HOUSTON — A group called Government Crime Stoppers has posted a $2,500 reward for tips that lead to the prosecution of anyone in City Hall for violating open records laws.
The announcement of the award comes as questions have been raised about transparency in Houston city government, a criminal complaint filed against Mayor Sylvester Turner by a former investigative reporter, and the possibility that the Harris County District Attorney may be looking into the actions of Turner’s press secretary who hid 5,000 documents after a records request.
“From what we read, and in what’s been said there are some problems and allegations surrounding City Hall in the city of Houston,” said Perry Huckabay, who leads Government Crime Stoppers. “In an effort to try to get to the truth we put out on our website an offer of a reward for any information which leads to the discovery of wrongdoing in that area.”
Houston City Hall has increasingly become the center of press reports alleging illegal activity, such as: (1) failure to turn over documents by the Houston mayor’s press secretary related to sideline work conducted during City work hours, and; (2) concealment of public documents by City officials on a separate issue in connection with a $37 million, 20-year recycling contract.
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“The city works hard under state law to comply with all open records requests,” said Turner spokesman Alan Bernstein.
The missing 5,000 emails
The most prominent open records story to come out of City Hall recently has been the news that Turner press secretary Darian Ward was running a side business during her working hours — and hid documents in connection with that business.
When The Texas Monitor inquired about that business in October, she said she had 30 documents in connection with the request.
A city investigation found there were in fact 5,000 records, showing emails where she was working on the side with her production company Joy in Motion.
Ward was suspended for two weeks without pay when the incident was found out.
At a press conference earlier this month, Turner defended Ward.
“The matter is closed,” he said at the time. “It’s been looked at by legal, it’s been looked at by HR.”
Turner said he even went “over and above the recommendation” that his staff gave him for Ward’s recommended suspension. He also said he would not be forwarding this issue to the Attorney General, or the Harris County District Attorney, even though it appears state law may have been violated.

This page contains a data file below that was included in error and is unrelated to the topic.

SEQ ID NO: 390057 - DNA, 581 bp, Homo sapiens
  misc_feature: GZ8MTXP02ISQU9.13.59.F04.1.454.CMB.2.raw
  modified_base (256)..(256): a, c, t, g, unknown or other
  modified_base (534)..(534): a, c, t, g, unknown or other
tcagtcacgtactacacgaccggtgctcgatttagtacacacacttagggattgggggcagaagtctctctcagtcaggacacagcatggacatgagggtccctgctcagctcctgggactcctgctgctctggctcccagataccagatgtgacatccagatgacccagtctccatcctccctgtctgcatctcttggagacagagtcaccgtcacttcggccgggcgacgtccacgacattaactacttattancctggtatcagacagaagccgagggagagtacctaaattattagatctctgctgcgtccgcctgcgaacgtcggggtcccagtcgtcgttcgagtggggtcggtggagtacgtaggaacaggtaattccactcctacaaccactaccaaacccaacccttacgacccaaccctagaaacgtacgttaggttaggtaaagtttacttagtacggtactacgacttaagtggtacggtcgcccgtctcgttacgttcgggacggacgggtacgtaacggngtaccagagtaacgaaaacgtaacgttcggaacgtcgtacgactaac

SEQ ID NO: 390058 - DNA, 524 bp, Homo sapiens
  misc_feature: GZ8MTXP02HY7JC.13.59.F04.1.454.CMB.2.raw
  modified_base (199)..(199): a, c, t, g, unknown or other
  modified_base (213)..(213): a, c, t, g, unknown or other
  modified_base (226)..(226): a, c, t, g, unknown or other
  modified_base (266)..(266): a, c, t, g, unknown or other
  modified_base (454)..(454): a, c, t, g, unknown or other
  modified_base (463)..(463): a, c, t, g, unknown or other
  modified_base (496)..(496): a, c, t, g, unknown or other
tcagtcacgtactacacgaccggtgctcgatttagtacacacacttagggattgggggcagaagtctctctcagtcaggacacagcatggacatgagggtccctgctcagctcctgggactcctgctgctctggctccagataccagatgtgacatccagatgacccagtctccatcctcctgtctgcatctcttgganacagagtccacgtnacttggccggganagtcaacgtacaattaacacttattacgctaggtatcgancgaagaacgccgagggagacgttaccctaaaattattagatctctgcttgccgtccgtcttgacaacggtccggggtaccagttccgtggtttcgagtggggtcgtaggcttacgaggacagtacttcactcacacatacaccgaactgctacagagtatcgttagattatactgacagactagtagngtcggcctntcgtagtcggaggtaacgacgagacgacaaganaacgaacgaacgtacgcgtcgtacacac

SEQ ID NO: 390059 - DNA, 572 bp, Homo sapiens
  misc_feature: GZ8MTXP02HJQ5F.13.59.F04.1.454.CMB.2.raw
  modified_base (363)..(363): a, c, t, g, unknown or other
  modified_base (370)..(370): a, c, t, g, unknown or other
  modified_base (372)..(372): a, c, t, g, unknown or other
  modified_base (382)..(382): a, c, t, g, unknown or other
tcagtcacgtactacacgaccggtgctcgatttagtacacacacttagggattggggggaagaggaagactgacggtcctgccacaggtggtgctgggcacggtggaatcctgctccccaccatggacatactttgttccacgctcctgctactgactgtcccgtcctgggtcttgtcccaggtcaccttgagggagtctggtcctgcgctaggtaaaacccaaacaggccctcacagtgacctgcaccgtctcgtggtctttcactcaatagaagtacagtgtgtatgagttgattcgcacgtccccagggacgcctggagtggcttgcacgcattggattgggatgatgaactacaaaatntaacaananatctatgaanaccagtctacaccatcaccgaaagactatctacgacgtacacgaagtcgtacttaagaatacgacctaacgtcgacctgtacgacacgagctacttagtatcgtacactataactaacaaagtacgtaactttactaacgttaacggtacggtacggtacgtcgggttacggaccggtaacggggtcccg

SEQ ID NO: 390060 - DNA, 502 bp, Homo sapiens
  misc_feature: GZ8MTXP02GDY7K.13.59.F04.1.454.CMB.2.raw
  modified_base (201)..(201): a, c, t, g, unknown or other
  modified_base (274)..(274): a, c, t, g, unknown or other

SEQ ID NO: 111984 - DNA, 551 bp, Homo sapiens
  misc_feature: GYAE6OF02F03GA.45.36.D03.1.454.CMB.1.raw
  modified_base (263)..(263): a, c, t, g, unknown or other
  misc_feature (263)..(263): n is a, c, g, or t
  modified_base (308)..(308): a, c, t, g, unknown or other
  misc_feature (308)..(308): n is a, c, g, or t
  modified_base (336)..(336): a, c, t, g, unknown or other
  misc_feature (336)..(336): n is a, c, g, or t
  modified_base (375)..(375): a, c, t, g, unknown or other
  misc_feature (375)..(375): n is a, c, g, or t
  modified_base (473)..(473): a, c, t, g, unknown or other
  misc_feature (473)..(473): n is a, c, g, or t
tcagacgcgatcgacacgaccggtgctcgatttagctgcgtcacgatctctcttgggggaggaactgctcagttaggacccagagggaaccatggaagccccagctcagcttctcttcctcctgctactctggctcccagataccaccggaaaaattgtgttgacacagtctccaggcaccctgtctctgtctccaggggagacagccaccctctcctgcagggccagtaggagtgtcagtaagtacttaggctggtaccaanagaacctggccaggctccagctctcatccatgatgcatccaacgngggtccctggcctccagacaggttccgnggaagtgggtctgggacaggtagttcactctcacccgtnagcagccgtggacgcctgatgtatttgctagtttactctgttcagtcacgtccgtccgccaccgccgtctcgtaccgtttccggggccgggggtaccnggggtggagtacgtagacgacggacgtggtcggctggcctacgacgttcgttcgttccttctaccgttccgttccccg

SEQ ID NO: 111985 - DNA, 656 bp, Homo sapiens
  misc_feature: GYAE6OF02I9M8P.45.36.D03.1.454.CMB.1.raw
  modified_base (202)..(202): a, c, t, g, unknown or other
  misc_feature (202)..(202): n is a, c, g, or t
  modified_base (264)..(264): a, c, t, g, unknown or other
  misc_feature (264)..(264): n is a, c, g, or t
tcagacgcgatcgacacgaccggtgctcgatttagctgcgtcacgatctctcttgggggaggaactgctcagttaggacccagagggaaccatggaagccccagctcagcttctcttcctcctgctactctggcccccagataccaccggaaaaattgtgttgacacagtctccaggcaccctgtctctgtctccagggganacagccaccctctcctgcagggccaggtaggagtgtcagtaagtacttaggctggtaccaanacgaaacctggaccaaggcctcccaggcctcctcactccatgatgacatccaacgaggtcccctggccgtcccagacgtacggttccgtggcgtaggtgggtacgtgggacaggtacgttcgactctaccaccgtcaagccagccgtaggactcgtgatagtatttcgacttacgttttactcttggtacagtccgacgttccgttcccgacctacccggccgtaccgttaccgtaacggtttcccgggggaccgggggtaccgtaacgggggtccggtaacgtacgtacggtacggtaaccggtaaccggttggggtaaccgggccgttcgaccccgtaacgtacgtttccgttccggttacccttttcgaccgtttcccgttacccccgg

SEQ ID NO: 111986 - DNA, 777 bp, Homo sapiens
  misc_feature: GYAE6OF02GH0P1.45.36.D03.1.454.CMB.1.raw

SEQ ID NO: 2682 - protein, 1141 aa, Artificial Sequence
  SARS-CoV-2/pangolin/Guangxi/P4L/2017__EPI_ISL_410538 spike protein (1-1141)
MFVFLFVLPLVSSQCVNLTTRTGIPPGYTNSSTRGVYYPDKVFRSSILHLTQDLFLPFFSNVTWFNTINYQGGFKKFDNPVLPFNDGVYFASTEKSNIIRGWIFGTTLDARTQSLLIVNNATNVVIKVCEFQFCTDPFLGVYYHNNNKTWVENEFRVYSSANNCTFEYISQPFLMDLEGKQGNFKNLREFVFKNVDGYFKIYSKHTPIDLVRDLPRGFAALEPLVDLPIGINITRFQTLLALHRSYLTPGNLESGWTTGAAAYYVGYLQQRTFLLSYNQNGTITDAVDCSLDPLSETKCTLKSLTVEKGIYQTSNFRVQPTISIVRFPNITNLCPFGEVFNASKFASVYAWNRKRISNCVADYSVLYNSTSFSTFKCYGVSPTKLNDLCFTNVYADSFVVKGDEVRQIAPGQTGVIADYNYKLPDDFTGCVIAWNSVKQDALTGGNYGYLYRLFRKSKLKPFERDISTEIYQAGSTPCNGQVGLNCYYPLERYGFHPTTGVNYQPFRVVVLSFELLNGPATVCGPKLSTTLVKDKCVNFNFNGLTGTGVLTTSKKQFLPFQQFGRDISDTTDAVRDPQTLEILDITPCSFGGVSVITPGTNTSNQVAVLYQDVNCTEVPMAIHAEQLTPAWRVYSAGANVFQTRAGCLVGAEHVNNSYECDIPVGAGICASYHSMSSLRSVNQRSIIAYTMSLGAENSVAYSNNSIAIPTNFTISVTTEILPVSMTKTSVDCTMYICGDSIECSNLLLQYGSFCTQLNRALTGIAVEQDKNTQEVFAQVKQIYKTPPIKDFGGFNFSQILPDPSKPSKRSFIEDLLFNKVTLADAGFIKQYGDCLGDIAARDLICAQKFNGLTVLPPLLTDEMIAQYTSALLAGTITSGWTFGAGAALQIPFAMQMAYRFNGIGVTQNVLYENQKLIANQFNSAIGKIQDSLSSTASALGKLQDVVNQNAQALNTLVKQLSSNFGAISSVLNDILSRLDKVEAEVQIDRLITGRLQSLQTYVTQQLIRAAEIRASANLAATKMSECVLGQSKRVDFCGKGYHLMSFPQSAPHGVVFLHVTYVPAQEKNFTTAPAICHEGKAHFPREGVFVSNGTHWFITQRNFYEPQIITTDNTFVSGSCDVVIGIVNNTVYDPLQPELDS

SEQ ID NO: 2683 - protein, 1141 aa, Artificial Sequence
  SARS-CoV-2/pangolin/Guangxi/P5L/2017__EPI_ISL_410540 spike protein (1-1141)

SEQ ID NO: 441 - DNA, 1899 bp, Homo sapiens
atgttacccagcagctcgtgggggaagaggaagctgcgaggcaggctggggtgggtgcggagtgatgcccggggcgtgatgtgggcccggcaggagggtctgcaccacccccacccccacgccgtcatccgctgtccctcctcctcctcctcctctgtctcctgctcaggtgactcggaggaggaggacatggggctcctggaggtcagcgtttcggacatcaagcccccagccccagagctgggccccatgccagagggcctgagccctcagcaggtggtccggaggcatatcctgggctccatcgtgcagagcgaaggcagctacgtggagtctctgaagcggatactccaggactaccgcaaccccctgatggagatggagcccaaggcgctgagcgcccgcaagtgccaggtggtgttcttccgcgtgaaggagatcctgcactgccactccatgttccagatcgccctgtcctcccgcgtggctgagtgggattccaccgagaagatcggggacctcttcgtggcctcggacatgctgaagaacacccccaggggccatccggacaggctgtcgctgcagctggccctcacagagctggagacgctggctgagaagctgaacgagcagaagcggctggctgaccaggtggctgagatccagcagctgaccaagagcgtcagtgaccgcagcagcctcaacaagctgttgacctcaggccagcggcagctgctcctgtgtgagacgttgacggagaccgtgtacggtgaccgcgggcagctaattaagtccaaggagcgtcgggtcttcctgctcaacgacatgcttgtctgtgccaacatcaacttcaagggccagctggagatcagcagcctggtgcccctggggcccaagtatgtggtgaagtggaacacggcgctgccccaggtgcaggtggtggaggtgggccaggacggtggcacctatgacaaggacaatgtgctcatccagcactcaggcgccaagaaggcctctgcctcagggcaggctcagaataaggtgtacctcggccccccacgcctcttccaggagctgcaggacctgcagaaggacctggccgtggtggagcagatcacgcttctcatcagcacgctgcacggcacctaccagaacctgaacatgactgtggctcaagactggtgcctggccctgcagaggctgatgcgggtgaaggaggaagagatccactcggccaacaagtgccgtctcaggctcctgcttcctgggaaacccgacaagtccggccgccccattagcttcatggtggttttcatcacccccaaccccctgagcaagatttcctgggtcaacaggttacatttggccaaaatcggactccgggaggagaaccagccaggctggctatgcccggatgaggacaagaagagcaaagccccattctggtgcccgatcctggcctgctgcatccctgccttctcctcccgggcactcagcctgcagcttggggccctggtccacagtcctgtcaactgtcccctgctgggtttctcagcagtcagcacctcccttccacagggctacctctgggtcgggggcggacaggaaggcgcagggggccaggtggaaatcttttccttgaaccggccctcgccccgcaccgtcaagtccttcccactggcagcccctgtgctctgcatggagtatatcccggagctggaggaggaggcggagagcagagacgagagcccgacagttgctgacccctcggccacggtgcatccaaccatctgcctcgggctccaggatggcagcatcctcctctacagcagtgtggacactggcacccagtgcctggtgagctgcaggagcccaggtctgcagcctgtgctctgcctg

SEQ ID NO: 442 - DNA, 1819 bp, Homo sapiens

The emails are scheduled to be released soon to The Texas Monitor, a Turner spokesman said.
Houston Mayor Sylvester Turner said he will hand over to the District Attorney whatever is requested regarding allegations of misconduct against his press secretary.
“Whatever it is and whatever the D.A. needs, we will comply and we will be responsive,” he said.
A criminal complaint from former investigative reporter
Former longtime investigative reporter Wayne Dolcefino, who now runs his own communications firm, has filed a criminal complaint with the District Attorney against Turner over another issue: a claim that the mayor uses his law firm server to conduct city business, and that he has been withholding emails.
In addition, Dolcefino has been asking for open records in connection with a $37 million, 20-year recycling deal. He represents EcoHub, a company that wanted the recycling contract, but which did not bid on it.
Houston City Council approved last week the contract with winning bidder, Spain-based FCC.
Dolcefino Consulting and EcoHub filing a lawsuit to compel production of records surrounding the deal.
Turner has refused to release the scoring sheets or the names of the city employees who chose the company, according to Dolcefino. The proposed contract with winning bidder FCC is being kept secret too, Dolcefino said.
Turner has strongly defended the city’s process of choosing a recycling company, and has said everything was done ethically and above board. He also said the deal began under previous Mayor Annise Parker’s administration, and he is well within his rights to review proposals that were launched under the former leadership, including EcoHub’s ‘One Bin’ proposal.
“What people kept saying to me is, ‘Mayor. This is a done deal. All you need to do is sign the contract,’” Turner said last week. “I said, ‘Tell me how this is the best interest to the city of Houston.’ I’m not going to sign something that didn’t originate under me, when there are some questions.”
Turner also said he, himself, did not know who scored the bids. In addition, he said, he is an advocate of transparency.
“In my 26 years in public service as a legislator, and you can go and talk to anyone in the legislature,” he said. “No one questions my transparency or fairness.”
Other Government Crime Stoppers rewards
Government Crime Stoppers has also posted rewards for information about conflicts of interest in the Harlandale Independent School District, the Donna Independent School District, and for information about sexual harassment and abuse at the legislature.
“We’re hoping to have some great results so we can have a good clean government, and government officials who do the right thing,” Huckabay said.
Encrypted and fully anonymous tips regarding the illegal actions of office-holders and other public servants will be collected online through the world’s leading tip solution provider, Anderson Software.
“Our goal is not only to assist authorities in prosecuting open indictments but also to expose corruption that might not otherwise be discovered,” said Richard Carter, an advisor to Government Crime Stoppers and the former executive director of Crime Stoppers International, Inc.
Trent Seibert can be reached at [email protected] or at 832-258-6119.